Another important factor from Brexit is the end of free movement, which means that there will be a shortage of the low-cost labour used extensively in many sectors, especially food, beverage and agriculture. That, combined with the fact that many industries that have people working in close proximity – such as meat and poultry processing and packing plants – have been hugely impacted by rapid spread of the virus, is likely to lead to increased investment in automation.

Help from UKIVA

The biggest immediate challenge for the vision industry resulting from the trade deal is understanding and implementing the new rules and regulations. UKIVA is part of the Processing and Packaging Manufacturing Association (PPMA) group, and UKIVA members have benefited from the wide range of support offered by PPMA on these issues.

The PPMA sits on the council of Export Partners UK to help fly the flag for British exporters, and is actively engaged with the UK government’s department for business, energy and industrial strategy (BEIS) and Make UK (the manufacturers’ organisation), to represent the interests of members who move goods in and out of the UK.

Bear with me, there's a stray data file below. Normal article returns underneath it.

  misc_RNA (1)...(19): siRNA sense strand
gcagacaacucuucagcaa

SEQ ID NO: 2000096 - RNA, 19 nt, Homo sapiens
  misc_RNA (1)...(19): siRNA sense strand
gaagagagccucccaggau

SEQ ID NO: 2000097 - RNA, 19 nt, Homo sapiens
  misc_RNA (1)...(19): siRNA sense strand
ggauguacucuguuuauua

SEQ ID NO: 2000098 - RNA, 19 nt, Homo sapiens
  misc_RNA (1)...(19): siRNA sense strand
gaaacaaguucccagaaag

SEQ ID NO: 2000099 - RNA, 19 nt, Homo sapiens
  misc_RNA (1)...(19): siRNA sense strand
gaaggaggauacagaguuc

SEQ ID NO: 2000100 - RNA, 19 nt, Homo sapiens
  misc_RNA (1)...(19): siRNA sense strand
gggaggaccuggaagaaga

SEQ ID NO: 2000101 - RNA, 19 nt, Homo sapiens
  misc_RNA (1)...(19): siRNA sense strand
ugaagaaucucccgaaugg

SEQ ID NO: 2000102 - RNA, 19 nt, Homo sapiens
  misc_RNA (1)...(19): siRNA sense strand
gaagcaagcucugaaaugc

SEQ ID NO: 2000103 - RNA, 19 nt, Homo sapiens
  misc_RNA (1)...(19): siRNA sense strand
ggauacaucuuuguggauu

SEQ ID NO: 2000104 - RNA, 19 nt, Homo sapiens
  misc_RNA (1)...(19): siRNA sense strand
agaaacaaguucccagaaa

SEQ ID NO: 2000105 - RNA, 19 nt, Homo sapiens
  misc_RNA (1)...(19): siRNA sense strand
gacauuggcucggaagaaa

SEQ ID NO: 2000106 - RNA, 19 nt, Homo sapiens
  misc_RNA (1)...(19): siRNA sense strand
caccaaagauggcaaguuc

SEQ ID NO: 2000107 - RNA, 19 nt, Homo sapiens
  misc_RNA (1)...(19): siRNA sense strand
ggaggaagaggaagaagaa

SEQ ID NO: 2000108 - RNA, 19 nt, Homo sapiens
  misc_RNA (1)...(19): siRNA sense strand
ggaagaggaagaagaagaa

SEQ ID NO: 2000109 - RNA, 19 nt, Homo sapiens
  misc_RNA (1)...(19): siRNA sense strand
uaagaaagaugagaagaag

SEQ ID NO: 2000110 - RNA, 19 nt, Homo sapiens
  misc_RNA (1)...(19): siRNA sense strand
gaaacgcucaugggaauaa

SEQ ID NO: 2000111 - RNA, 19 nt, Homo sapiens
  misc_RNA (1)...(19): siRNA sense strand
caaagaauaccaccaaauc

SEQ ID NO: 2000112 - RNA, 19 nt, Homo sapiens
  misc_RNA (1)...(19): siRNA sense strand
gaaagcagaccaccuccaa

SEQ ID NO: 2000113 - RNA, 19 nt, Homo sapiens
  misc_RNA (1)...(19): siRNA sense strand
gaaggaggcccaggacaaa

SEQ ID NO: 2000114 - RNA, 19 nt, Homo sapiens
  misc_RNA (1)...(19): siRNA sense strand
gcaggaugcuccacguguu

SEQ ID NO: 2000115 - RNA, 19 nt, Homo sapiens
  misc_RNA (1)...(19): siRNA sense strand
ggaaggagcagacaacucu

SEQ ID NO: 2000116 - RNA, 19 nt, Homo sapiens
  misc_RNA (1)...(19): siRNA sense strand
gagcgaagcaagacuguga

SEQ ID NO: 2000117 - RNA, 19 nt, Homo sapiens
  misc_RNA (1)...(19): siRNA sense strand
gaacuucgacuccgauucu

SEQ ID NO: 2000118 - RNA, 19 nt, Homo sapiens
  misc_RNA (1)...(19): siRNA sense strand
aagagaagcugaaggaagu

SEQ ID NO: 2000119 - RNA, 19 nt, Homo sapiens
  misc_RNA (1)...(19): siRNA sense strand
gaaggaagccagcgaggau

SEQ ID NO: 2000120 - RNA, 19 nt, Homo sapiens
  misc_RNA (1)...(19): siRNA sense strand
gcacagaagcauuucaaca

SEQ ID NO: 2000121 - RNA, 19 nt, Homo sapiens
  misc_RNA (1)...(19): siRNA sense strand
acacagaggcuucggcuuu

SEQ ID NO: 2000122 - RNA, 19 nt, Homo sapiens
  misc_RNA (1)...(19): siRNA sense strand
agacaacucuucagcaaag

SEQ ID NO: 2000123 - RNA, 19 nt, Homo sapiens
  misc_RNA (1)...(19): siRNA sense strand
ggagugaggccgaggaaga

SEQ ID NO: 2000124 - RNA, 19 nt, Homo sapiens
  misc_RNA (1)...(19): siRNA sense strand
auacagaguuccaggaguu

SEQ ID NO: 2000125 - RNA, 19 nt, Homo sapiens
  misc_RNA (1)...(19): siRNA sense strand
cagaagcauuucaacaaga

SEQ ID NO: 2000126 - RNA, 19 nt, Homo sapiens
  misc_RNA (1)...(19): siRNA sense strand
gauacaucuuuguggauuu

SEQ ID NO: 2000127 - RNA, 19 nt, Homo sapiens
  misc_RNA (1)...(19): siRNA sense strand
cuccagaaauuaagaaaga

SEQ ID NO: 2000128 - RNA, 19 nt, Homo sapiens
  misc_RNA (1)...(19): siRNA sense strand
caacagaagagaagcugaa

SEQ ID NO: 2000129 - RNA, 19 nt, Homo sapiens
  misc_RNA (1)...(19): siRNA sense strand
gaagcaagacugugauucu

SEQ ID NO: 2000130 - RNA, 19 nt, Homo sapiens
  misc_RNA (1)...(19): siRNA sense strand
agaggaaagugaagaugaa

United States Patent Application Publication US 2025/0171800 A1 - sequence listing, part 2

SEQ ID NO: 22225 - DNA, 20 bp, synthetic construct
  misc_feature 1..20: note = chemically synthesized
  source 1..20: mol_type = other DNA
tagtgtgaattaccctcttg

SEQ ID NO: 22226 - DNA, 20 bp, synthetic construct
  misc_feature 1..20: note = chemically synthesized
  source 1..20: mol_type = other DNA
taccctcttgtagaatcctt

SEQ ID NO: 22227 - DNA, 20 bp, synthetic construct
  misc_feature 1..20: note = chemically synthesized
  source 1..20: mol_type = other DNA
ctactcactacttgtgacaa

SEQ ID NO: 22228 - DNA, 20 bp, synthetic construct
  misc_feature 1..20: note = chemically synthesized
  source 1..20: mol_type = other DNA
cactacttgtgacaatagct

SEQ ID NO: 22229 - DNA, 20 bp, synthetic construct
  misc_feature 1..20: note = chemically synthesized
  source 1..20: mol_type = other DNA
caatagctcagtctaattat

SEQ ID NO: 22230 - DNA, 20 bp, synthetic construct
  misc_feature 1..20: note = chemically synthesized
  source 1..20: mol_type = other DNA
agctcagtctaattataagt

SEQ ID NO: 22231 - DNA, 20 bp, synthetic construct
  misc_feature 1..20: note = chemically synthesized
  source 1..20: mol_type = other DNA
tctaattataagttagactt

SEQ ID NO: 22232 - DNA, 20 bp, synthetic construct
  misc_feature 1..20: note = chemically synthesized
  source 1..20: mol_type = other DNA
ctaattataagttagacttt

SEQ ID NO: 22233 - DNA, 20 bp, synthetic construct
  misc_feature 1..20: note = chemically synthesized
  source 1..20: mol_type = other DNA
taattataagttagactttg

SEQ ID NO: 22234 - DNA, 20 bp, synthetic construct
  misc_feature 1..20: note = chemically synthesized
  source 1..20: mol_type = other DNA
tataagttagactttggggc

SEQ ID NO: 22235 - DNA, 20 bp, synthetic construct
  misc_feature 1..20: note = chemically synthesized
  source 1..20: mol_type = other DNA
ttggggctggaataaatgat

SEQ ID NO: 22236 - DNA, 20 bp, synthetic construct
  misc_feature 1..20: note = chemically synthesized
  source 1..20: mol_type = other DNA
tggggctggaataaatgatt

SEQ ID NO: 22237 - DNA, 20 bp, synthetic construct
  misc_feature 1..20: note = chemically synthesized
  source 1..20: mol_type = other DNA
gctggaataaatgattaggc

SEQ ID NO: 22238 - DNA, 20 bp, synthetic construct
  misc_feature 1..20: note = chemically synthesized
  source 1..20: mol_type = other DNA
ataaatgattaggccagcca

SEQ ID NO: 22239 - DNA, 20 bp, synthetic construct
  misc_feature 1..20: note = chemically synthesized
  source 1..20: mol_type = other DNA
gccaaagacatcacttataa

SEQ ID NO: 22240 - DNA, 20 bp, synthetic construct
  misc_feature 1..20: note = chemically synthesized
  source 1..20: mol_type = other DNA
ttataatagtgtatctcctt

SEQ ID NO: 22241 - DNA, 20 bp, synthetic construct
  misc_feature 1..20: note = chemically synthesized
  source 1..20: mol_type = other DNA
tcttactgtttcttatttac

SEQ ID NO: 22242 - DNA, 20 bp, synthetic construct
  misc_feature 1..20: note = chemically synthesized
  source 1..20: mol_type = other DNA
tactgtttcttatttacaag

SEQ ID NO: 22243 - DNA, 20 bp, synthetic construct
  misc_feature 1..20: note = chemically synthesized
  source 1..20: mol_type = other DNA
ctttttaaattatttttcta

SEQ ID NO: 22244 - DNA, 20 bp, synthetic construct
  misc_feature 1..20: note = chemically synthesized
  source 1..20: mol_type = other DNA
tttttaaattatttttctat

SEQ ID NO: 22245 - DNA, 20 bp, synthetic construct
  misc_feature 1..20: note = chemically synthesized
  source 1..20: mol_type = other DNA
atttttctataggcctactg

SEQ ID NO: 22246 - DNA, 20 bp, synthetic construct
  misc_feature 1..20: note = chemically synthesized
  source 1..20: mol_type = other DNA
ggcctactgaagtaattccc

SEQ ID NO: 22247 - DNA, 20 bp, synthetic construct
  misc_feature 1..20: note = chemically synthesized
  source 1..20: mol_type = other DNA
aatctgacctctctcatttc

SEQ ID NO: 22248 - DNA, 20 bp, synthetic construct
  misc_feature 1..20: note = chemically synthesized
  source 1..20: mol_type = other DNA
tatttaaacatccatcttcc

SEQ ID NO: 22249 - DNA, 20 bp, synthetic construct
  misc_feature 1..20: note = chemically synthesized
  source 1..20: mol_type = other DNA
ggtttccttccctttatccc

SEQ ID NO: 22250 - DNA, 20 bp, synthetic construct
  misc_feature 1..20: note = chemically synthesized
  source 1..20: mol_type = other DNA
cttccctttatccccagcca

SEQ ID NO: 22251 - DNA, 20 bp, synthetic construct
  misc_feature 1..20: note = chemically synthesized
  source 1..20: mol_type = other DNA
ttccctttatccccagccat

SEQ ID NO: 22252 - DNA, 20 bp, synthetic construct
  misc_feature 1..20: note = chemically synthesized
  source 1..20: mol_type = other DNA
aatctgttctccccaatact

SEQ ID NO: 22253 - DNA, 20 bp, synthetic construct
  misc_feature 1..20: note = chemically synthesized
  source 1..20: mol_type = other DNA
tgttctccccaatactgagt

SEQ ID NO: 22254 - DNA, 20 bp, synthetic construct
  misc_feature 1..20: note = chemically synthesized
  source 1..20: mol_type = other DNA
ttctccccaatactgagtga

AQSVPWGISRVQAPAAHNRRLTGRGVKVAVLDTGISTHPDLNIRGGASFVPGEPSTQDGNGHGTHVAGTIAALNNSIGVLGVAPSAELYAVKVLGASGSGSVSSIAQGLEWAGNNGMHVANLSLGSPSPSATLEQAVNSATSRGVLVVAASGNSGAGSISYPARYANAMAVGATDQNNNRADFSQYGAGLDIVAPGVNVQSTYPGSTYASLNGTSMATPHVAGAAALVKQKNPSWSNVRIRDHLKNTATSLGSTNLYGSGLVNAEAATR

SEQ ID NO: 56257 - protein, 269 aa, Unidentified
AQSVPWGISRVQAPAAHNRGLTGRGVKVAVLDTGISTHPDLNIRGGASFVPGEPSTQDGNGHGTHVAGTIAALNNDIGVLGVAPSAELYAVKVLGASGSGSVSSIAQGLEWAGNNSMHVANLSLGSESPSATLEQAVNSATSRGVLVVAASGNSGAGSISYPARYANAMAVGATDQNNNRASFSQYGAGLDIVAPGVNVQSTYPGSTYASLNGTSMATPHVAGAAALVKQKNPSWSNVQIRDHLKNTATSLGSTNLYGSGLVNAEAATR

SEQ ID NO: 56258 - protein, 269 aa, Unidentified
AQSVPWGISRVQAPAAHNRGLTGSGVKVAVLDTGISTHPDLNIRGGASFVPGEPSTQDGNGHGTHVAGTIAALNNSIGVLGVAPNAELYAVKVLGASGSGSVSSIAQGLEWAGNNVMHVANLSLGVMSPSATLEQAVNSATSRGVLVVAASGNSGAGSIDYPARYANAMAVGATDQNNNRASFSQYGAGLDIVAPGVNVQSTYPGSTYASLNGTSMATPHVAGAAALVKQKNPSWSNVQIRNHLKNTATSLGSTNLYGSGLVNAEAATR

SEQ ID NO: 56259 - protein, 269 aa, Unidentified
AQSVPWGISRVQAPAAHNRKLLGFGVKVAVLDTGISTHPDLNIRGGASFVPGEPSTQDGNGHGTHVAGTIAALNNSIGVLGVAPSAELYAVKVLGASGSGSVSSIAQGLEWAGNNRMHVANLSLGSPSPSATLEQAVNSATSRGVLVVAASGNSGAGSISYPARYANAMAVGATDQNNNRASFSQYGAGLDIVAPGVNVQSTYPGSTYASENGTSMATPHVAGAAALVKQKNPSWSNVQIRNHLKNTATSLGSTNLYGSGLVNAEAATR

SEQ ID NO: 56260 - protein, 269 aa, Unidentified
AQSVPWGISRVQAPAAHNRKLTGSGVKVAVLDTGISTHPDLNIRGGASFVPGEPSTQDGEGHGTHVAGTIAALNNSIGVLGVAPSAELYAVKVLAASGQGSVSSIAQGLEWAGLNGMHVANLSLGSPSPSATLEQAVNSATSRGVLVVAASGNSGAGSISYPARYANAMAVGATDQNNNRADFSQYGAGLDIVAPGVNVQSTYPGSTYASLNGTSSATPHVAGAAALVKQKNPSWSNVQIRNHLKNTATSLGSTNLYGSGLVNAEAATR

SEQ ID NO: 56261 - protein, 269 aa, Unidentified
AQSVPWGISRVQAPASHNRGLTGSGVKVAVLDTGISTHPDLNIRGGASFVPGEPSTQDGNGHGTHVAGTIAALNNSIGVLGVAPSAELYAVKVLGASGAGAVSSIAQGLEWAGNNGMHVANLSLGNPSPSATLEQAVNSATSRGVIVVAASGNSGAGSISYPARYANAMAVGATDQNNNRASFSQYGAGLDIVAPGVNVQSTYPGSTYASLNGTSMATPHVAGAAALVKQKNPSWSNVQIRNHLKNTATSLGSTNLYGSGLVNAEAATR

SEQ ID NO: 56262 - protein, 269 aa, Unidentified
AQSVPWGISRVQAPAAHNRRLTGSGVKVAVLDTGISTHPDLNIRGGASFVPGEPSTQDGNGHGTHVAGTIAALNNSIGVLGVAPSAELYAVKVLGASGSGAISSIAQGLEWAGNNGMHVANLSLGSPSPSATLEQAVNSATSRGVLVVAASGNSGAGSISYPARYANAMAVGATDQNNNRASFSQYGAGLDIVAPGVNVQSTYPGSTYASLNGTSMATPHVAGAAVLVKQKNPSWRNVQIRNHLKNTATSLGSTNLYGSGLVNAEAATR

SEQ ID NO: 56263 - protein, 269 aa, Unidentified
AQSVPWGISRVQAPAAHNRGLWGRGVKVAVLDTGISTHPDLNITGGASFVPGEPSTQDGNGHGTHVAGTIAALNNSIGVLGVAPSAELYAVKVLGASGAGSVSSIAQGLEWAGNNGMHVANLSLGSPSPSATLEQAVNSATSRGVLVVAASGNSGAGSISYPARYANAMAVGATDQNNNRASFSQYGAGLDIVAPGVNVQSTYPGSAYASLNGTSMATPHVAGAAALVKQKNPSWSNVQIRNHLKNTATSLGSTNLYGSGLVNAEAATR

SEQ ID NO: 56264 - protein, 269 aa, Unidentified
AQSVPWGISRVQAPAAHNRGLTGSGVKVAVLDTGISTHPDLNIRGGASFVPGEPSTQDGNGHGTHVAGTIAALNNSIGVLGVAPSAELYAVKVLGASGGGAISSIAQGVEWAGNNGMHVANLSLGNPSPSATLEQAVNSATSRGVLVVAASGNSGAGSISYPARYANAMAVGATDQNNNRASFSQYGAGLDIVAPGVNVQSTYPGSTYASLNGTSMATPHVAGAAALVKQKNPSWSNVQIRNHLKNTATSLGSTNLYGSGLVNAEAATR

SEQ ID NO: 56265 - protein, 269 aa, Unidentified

The PPMA members’ information library is a valuable tool for sourcing relevant business information to help members make informed decisions. It provides access to hundreds of documents and associated government and industry links to provide advice on importing and exporting, conformity assessment and access to business support templates. Also, the PPMA has issued six e-business updates to help bring some clarity post-Brexit and post-Brexit transition period.

The new normal

This phrase is generally used in the context of the pandemic but is equally applicable to the post-Brexit era. The layers of complexity arising from the deal will inevitably bring some real pain points for the vision industry in the short term, but it won’t be long before these processes become the new normal for doing business with the EU. These early disruptions should be outweighed by the increased opportunities for machine vision through significant need for automation.

Neil Sandhu, from Sick UK, is the incoming UKIVA chairman, while Allan Anderson, from ClearView Imaging, is the outgoing chairman